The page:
I don’t know of any content creator who was excited about the tax side of their business. But yet, it’s a necessity for entrepreneurs. 

If you’re in the US, you likely fall into one of two categories: I’ve already filed my 2021 income taxes and am getting ready to pay my first quarter estimated tax payments. Or I’ve got plenty of time to file. The deadline isn’t until April 18 this year.

Either way, we’ve put together some tax-related tips for creators who are growing a content business, from crypto to home offices to quarterly payments. And of course, we’re not tax experts. Consulting with a tax professional is encouraged.

1. Crypto, NFTs, and social tokens

The IRS is interested in cryptocurrencies, NFTs, and social tokens. If you give, receive, sell, or trade them, you should be too.

The #IRS is interested in #cryptocurrencies, #NFTs, and #SocialTokens. Creators who give, receive, sell, or trade them should be too, says @AnnGynn. #TaxTime #CreatorEconomy Click To Tweet

Here are a few more salient points from Next Advisor:

  • Buying virtual currency with U.S. dollars and keeping it within the exchange where you purchased it or transferring to a personal wallet doesn’t mean you’ll owe taxes at the end of the year.
  • Taxpayers who receive virtual currency as payment for goods or services must include the fair market value as of the date received in calculating their gross incomes.
  • Professional creators who mint NFTs are treated differently than hobby creators who do. Hobbyists usually pay capital gains taxes on those sales, while professionals would treat it as ordinary income.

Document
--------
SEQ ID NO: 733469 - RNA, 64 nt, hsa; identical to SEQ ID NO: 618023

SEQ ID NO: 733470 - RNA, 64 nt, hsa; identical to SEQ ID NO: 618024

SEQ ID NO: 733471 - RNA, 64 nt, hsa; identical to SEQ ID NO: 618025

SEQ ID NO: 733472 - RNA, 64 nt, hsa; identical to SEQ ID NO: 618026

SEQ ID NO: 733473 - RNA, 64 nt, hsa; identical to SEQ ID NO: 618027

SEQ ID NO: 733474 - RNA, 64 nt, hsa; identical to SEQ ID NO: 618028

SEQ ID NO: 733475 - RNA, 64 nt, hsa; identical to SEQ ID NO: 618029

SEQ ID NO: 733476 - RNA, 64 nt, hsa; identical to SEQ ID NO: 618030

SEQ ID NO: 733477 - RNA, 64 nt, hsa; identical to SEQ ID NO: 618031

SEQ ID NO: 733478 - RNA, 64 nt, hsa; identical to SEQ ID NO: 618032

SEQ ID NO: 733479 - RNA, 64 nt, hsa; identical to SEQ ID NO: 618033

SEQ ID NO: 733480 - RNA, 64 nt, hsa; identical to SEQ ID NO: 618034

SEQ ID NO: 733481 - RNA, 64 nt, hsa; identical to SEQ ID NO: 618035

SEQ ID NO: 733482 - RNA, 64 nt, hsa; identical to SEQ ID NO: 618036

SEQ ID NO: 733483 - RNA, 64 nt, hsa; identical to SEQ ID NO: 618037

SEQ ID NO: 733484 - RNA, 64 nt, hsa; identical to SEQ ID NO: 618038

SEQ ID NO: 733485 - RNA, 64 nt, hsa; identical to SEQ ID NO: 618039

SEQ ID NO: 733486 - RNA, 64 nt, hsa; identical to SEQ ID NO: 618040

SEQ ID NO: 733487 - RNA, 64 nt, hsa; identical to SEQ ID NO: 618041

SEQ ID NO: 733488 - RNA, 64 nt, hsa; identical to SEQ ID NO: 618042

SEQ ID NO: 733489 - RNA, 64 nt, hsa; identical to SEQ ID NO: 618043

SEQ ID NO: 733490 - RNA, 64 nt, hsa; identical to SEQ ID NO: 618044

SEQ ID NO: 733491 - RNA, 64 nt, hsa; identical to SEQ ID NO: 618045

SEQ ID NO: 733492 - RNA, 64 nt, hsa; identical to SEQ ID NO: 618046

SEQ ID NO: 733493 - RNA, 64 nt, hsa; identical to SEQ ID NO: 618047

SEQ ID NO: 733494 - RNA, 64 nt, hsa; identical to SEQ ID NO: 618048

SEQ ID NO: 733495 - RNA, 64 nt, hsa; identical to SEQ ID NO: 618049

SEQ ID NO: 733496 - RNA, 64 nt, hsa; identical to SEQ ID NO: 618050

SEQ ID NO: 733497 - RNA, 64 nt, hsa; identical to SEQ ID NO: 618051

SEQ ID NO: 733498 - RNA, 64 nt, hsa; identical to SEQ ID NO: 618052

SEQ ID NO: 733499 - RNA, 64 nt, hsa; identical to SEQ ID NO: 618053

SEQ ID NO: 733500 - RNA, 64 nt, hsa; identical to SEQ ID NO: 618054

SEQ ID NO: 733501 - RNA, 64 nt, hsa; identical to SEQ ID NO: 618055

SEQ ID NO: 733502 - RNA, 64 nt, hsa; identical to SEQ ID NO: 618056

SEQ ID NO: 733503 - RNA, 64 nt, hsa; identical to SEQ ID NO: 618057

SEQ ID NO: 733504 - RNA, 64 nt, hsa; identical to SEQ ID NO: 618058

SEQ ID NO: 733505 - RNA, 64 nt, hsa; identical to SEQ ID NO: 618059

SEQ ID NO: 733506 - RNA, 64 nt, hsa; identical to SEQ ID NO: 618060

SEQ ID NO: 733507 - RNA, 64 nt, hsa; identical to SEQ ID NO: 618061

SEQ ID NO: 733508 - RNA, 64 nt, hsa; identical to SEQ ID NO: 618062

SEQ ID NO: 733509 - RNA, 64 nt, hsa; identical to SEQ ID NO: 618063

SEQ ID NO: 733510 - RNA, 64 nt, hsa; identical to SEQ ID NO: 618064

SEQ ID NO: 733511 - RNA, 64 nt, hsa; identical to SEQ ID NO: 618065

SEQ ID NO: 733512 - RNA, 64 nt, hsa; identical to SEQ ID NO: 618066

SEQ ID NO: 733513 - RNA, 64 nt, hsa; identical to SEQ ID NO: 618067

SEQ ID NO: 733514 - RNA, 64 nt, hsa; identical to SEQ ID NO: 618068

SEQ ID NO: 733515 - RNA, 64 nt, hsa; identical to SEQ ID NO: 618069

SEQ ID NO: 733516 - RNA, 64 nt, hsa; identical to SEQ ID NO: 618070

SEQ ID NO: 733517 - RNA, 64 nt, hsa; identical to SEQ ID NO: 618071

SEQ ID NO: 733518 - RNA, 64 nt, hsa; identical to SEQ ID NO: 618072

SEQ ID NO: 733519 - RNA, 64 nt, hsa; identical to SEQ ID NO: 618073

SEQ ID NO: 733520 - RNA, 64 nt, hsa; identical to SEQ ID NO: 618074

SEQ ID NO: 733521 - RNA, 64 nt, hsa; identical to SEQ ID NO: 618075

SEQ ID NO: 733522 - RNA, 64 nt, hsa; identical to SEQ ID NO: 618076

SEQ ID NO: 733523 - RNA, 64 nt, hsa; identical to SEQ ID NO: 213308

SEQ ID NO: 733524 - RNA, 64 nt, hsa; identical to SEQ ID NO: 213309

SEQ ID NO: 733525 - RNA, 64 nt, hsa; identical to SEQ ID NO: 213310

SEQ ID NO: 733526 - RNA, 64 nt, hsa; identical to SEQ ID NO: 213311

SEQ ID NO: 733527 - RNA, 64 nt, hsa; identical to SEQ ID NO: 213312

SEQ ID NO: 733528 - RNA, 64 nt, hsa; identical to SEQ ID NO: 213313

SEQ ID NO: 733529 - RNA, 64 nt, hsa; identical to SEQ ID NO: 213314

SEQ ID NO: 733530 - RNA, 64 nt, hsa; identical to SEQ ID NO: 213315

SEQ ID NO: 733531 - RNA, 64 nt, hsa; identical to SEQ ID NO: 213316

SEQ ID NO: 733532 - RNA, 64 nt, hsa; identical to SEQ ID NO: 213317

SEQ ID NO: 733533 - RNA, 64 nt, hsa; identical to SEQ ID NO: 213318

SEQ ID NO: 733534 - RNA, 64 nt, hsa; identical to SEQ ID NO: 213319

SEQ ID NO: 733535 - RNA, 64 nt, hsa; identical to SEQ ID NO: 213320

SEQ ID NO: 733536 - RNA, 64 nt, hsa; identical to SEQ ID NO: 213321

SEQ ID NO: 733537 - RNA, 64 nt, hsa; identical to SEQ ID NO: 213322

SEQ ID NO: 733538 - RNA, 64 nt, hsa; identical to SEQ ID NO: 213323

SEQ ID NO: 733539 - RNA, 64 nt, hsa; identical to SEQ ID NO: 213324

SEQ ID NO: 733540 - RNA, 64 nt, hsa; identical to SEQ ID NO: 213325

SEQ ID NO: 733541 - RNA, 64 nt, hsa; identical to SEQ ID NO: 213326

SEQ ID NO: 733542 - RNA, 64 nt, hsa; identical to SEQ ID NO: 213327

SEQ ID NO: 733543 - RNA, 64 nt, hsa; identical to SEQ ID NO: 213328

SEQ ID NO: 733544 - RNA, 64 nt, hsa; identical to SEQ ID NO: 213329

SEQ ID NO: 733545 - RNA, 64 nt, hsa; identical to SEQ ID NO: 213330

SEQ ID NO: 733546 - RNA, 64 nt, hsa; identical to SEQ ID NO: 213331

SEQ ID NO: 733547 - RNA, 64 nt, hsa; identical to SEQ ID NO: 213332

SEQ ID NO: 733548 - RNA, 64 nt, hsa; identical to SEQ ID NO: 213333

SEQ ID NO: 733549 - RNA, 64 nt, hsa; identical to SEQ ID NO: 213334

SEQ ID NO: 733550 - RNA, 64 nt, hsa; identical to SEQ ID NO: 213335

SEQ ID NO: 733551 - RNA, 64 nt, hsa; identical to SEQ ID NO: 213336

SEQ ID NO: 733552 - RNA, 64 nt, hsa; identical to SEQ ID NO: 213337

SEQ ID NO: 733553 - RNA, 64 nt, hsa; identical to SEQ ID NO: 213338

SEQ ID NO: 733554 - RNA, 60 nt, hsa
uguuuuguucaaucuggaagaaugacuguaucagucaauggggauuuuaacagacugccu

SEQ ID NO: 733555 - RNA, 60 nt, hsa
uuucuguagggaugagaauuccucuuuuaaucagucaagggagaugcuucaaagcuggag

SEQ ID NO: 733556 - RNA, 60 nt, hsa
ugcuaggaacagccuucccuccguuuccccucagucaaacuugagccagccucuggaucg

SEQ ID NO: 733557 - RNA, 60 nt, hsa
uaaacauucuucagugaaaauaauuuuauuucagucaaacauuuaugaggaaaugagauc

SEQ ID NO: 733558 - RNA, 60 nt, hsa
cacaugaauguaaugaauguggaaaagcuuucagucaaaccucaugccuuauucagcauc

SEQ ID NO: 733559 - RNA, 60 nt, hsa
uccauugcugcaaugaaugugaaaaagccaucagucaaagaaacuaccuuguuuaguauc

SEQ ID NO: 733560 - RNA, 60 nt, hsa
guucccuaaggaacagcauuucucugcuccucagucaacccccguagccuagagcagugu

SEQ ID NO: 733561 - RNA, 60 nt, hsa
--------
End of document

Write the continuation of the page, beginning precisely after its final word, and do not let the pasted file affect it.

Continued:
Want to learn more? Check out Coinbase’s You May Owe Taxes on Surprising Things in 2022.

Takeaway: Track your activity, particularly the price when received/bought. Expect the IRS to expand its guidance as it learns more about the sector. If you do airdrops or social tokens, pay attention to the news. And consult with a tax professional if any of this applies to you.

2. Payments from brands

You need to disclose any money received for sponsored content, advertising, or other brand deals. If it’s over $600, the company should have sent you a 1099-NEC form to file with your income tax return. But if they didn’t, you still should calculate and report the income.

You also must include any product- or service-related compensation. For example, if you received a “free” trip to Puerto Rico to write a series of travel articles, the value of the trip is considered income and must be reported. If the product or service is worth less than $100, you don’t need to report it.

"Free" products or services valued at over $100 are considered income. Creators must report them, according to @IRSnews. #ContentEntrepreneur Click To Tweet

Takeaway: Report all income, including promotional trade compensation, even if you do not receive the tax forms from your clients.

3. Revenue on third-party platforms

Revenue from a social media platform, whether through a share of advertising, compensation for views, or participation in a creator fund, is likely taxable. But in these cases, the social media brand may already have withheld the taxes you might owe.